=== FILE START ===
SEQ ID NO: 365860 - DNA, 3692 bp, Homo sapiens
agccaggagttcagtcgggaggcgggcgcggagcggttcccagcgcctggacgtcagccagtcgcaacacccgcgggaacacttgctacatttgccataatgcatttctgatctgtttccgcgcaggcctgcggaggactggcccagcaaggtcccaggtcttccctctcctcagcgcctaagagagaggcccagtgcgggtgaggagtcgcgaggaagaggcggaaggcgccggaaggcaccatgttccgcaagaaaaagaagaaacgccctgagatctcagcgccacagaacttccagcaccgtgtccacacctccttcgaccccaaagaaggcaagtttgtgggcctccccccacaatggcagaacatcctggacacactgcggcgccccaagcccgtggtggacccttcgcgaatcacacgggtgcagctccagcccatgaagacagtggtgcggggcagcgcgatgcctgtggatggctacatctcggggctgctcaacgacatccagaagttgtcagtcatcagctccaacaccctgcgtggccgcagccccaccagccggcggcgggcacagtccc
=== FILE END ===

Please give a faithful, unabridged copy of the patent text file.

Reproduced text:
SEQ ID NO: 365860 - DNA, 3692 bp, Homo sapiens
agccaggagttcagtcgggaggcgggcgcggagcggttcccagcgcctggacgtcagccagtcgcaacacccgcgggaacacttgctacatttgccataatgcatttctgatctgtttccgcgcaggcctgcggaggactggcccagcaaggtcccaggtcttccctctcctcagcgcctaagagagaggcccagtgcgggtgaggagtcgcgaggaagaggcggaaggcgccggaaggcaccatgttccgcaagaaaaagaagaaacgccctgagatctcagcgccacagaacttccagcaccgtgtccacacctccttcgaccccaaagaaggcaagtttgtgggcctccccccacaatggcagaacatcctggacacactgcggcgccccaagcccgtggtggacccttcgcgaatcacacgggtgcagctccagcccatgaagacagtggtgcggggcagcgcgatgcctgtggatggctacatctcggggctgctcaacgacatccagaagttgtcagtcatcagctccaacaccctgcgtggccgcagccccaccagccggcggcgggcacagtccc